That being said, ignoring the political theme, this book is a must-read for anyone with concerned with women's studies, gender studies, and especially the rampant femiphobia that pervades our culture. It is also worth pointing out that if you don't like Bush, well then, there are pretty much no caveats other than you wear a rib brace to keep your sides from splitting. This book is funnier than Franken's Lies & the Lying Liars Who Tell Them. Sadly, it is no less accurate.

-Vulf

Apologies...a time out from the Top 10 Book List... 

This report on the economy is simply too important to be ignored, and summarizes a number of threads discussed here on The Bite in 2005. My comments in non-italicized font:

1. Profits are up, but the wages and the incomes of average Americans are down.
Inflation-adjusted hourly and weekly wages are still below where they were at the start of the recovery in November 2001. Yet, productivity—the growth of the economic pie—is up by 13.5%. Wage growth has been shortchanged because 35% of the growth of total income in the corporate sector has been distributed as corporate profits, far more than the 22% in previous periods. Consequently, median household income (inflation-adjusted) has fallen five years in a row and was 4% lower in 2004 than in 1999, falling from $46,129 to $44,389.

We all know why productivity is up so much...people are working many more hours for the same pay. You can see the "face of fear" in many. They'll work harder to keep their job. I remember storeis of folks working 90-hour weeks on their lat week at Agilent Technologies...knowing they were being laid off that week.

2. More and more people are deeper and deeper in debt.
The indebtedness of U.S. households, after adjusting for inflation, has risen 35.7% over the last four years. The level of debt as a percent of after-tax income is the highest ever measured in our history. Mortgage and consumer debt is now 115% of after-tax income, twice the level of 30 years ago. The debt-service ratio (the percent of after-tax income that goes to pay off debts) is at an all-time high of 13.6%. The personal savings rate is negative for the first time since WWII.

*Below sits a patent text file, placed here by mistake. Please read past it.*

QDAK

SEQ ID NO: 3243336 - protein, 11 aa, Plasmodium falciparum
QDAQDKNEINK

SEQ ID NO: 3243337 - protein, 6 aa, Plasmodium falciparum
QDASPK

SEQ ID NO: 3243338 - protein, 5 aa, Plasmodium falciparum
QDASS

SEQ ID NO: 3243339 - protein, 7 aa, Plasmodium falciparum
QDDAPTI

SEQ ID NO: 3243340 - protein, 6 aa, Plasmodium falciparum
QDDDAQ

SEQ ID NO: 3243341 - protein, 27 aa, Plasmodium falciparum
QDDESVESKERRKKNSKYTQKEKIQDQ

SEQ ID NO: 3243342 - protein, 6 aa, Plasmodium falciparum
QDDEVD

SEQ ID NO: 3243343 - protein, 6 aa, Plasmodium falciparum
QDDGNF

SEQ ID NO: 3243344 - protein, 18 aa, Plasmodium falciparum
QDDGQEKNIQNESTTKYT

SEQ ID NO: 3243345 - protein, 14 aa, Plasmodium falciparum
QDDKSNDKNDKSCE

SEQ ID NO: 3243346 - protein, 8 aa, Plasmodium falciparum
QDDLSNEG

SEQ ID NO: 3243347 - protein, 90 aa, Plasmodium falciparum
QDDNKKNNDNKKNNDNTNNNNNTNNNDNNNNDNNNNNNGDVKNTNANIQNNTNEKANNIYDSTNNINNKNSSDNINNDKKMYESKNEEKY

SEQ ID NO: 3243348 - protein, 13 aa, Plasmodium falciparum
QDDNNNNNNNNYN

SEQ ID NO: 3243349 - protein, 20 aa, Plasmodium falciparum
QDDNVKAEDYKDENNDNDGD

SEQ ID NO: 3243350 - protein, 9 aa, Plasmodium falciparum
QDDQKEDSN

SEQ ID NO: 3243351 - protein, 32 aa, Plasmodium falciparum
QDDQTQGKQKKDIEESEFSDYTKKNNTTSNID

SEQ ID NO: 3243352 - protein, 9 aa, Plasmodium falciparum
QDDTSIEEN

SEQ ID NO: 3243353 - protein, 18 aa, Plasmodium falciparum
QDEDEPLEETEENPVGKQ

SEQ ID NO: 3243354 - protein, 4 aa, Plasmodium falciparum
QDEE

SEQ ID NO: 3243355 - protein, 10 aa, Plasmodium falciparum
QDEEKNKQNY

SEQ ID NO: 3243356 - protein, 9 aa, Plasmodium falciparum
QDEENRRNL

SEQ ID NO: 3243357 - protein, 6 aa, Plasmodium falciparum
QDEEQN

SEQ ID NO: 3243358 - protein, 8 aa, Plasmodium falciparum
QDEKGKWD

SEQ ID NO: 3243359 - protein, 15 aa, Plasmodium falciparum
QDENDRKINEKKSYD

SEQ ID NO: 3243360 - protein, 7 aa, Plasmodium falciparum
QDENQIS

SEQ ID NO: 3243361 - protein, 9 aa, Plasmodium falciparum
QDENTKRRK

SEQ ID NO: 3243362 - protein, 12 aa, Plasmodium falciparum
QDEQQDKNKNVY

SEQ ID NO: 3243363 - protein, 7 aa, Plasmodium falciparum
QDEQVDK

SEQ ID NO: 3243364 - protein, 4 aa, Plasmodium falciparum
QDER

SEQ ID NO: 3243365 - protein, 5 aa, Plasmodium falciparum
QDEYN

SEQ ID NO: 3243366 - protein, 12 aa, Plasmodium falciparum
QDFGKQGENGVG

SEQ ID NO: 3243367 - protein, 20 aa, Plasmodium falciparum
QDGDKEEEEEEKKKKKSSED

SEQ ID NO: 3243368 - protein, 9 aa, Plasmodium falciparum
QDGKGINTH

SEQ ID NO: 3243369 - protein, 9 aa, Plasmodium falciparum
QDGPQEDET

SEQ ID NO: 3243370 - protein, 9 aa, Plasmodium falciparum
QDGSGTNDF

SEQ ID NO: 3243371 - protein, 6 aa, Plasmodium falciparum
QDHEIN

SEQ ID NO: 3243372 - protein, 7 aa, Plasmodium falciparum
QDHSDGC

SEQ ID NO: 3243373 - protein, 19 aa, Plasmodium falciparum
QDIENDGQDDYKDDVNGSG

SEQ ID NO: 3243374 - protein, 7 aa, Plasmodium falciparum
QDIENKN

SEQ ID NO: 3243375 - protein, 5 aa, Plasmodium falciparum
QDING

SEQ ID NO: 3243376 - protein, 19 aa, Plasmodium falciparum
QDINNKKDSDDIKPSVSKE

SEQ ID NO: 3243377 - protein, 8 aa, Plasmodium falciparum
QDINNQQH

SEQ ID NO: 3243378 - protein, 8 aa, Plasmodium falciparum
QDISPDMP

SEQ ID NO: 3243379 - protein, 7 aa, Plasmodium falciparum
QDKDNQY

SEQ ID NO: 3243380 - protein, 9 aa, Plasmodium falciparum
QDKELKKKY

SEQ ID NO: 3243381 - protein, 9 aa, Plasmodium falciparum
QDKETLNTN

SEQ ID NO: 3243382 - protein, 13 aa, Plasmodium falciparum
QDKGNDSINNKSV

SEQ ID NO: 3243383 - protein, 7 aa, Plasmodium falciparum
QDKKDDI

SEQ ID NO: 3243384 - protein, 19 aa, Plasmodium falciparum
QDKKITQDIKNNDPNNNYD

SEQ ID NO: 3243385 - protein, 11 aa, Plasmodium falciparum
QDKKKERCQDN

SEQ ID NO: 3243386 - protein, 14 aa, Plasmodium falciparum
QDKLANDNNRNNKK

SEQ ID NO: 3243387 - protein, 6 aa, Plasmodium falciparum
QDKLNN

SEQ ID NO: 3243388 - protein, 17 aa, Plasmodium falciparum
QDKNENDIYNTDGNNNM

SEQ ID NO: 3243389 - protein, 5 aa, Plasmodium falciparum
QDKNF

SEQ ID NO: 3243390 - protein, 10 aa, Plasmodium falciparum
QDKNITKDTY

These data are readily explained. The whole US economic "health" is based on the addiction-like panacea of debt-shopping. Anytime folks stop buying, the economy tanks. The government will do anything it can to get folks to buy. It obviously can't last, but like a heroine addict looking for the next fix, the US just doesn't seem to understand.

3. Job creation has not kept up with population growth, and the employment rate has fallen sharply.
The United States has only 1.3% more jobs today (excluding the effects of Hurricane Katrina) than in March 2001 (the start of the recession). Private sector jobs are up only 0.8%. At this stage of previous business cycles, jobs had grown by an average of 8.8% and never less than 6.0%. The unemployment rate is relatively low at 5%, but still higher than the 4% in 2000. Plus, the percent of the population that has a job has never recovered since the recession and is still 1.3% lower than in March 2001. If the employment rate had returned to pre-recession levels, 3 million more people would be employed. More than 3 million manufacturing jobs have been lost since January 2000.

As we've talked about before on The Bite, the unemployment rate is "non-GAAP". Those who've given up hope aren't counted. Those who work part-time but used to (and wish they still did) work full-time aren't (even partly) counted. The loss of middle class jobs is also offset by the same employment rate for lower class and illegals. It is a growing disparity between rich and poor, which is why the employment numbers aren't as important as median income, which as we saw above is declining.

4. Poverty is on the rise.
The poverty rate rose from 11.3% in 2000 to 12.7% in 2004. The number of people living in poverty has increased by 5.4 million since 2000. More children are living in poverty: the child poverty rate increased from 16.2% in 2000 to 17.8% in 2004.

The U.S. labor market mobility is calcifying (another result of globalization), making it harder to escape poverty. This trend will be difficult to reverse.

5. Rising health care costs are eroding families' already declining income.
Households are spending more on health care. Family health costs rose 43-45% for married couples with children, single mothers, and young singles from 2000 to 2003. Employers are cutting back on health insurance. Last year, the percent of people with employer-provided health insurance fell for the fourth year in a row. Nearly 3.7 million fewer people had employer-provided insurance in 2004 than in 2000. Taking population growth into account, 11 million more people would have had employer-provided health insurance in 2004 if the coverage rate had remained at the 2000 level.


Given the total cost of health care in the US, estimated at more than $4000/person, this is a benefit whose loss is the difference between prosperity and desperation.

There is a lot of work to be done on all of this. Too bad all the money's been spent on tax breaks and ill-advised wars.

-Vulf